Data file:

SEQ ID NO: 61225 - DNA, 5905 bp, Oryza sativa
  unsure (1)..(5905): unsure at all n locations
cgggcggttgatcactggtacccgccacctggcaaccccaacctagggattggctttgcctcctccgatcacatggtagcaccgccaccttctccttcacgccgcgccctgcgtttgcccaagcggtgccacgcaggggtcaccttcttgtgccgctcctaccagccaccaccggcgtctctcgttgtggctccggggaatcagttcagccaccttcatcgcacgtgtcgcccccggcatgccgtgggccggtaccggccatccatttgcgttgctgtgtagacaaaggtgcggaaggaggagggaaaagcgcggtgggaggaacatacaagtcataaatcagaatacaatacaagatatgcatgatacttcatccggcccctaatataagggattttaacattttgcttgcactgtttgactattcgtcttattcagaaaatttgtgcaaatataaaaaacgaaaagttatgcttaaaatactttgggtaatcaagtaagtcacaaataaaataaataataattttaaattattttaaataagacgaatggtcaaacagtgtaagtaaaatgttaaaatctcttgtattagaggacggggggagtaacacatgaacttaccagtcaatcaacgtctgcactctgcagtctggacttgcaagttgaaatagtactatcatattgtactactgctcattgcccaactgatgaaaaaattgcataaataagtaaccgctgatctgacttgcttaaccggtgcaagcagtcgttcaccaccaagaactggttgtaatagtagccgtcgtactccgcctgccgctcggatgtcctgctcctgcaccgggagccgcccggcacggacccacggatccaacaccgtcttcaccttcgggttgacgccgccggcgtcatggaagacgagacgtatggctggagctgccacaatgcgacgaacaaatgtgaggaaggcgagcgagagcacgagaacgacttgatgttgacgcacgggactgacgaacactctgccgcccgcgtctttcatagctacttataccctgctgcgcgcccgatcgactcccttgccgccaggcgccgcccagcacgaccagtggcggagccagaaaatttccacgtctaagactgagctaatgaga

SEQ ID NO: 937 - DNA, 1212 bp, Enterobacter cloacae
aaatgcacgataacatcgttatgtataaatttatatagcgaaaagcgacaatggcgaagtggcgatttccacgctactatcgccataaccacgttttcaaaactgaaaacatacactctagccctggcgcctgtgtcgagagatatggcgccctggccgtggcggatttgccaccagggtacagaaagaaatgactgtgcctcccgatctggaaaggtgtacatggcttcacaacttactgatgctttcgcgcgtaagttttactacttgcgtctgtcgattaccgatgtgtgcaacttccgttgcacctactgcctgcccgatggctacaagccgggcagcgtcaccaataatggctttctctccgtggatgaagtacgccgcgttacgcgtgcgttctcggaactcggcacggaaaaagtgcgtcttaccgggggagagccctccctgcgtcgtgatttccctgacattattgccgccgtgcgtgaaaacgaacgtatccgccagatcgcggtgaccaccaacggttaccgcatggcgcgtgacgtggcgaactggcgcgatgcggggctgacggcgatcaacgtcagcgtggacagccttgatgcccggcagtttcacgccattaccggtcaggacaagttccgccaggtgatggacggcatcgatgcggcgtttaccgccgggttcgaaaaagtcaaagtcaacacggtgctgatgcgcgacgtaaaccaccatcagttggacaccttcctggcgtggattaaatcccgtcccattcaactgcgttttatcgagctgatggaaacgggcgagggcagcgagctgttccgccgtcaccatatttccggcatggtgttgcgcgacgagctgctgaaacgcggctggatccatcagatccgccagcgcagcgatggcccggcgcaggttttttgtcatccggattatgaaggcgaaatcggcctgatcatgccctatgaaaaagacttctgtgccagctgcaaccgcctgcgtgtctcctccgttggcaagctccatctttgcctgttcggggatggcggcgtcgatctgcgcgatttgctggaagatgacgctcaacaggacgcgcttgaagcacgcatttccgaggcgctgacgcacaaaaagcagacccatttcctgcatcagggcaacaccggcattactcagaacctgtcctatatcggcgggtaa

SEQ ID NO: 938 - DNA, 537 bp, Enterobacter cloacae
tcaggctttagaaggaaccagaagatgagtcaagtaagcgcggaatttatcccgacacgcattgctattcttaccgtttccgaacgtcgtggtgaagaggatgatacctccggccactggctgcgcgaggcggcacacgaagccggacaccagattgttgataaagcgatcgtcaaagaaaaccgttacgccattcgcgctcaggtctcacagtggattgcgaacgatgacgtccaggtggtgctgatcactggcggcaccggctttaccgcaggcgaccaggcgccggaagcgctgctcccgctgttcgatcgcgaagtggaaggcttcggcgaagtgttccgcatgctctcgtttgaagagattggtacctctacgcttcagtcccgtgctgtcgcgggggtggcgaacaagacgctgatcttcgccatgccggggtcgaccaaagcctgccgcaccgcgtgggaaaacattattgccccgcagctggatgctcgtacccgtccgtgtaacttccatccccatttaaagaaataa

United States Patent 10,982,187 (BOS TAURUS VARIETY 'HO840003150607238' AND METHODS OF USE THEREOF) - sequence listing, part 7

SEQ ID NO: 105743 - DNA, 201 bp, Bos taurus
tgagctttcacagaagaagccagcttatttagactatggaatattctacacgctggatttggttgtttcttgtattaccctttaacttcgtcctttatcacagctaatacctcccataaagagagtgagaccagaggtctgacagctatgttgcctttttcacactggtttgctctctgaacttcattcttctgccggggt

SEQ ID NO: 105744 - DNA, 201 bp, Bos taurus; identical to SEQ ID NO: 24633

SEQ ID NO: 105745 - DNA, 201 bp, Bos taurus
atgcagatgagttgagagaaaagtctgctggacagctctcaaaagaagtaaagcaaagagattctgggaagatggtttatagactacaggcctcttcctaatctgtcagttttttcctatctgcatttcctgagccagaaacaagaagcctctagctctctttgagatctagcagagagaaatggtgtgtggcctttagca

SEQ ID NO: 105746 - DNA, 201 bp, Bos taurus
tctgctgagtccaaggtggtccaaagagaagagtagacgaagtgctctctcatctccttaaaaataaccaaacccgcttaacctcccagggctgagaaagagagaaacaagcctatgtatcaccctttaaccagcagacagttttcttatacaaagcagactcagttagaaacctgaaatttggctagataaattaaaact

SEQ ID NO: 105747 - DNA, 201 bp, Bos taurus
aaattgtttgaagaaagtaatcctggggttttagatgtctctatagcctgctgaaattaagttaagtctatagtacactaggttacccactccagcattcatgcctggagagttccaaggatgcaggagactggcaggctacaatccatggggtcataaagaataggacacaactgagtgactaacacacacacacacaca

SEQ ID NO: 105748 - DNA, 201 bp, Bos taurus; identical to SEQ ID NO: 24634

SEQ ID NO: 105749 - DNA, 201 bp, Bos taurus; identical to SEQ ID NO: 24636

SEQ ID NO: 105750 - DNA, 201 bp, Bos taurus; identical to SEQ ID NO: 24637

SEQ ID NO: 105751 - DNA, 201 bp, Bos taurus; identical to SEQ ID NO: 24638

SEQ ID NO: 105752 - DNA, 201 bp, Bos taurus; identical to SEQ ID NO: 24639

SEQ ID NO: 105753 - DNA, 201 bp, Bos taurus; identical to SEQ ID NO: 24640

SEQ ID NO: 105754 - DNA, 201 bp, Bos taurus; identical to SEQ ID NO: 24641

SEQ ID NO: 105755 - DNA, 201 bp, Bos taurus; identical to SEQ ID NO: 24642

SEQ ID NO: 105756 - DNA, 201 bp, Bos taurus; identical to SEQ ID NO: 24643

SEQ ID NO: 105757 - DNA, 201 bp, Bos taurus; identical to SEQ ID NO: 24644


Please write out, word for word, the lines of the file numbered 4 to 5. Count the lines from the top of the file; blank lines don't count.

SEQ ID NO: 937 - DNA, 1212 bp, Enterobacter cloacae
aaatgcacgataacatcgttatgtataaatttatatagcgaaaagcgacaatggcgaagtggcgatttccacgctactatcgccataaccacgttttcaaaactgaaaacatacactctagccctggcgcctgtgtcgagagatatggcgccctggccgtggcggatttgccaccagggtacagaaagaaatgactgtgcctcccgatctggaaaggtgtacatggcttcacaacttactgatgctttcgcgcgtaagttttactacttgcgtctgtcgattaccgatgtgtgcaacttccgttgcacctactgcctgcccgatggctacaagccgggcagcgtcaccaataatggctttctctccgtggatgaagtacgccgcgttacgcgtgcgttctcggaactcggcacggaaaaagtgcgtcttaccgggggagagccctccctgcgtcgtgatttccctgacattattgccgccgtgcgtgaaaacgaacgtatccgccagatcgcggtgaccaccaacggttaccgcatggcgcgtgacgtggcgaactggcgcgatgcggggctgacggcgatcaacgtcagcgtggacagccttgatgcccggcagtttcacgccattaccggtcaggacaagttccgccaggtgatggacggcatcgatgcggcgtttaccgccgggttcgaaaaagtcaaagtcaacacggtgctgatgcgcgacgtaaaccaccatcagttggacaccttcctggcgtggattaaatcccgtcccattcaactgcgttttatcgagctgatggaaacgggcgagggcagcgagctgttccgccgtcaccatatttccggcatggtgttgcgcgacgagctgctgaaacgcggctggatccatcagatccgccagcgcagcgatggcccggcgcaggttttttgtcatccggattatgaaggcgaaatcggcctgatcatgccctatgaaaaagacttctgtgccagctgcaaccgcctgcgtgtctcctccgttggcaagctccatctttgcctgttcggggatggcggcgtcgatctgcgcgatttgctggaagatgacgctcaacaggacgcgcttgaagcacgcatttccgaggcgctgacgcacaaaaagcagacccatttcctgcatcagggcaacaccggcattactcagaacctgtcctatatcggcgggtaa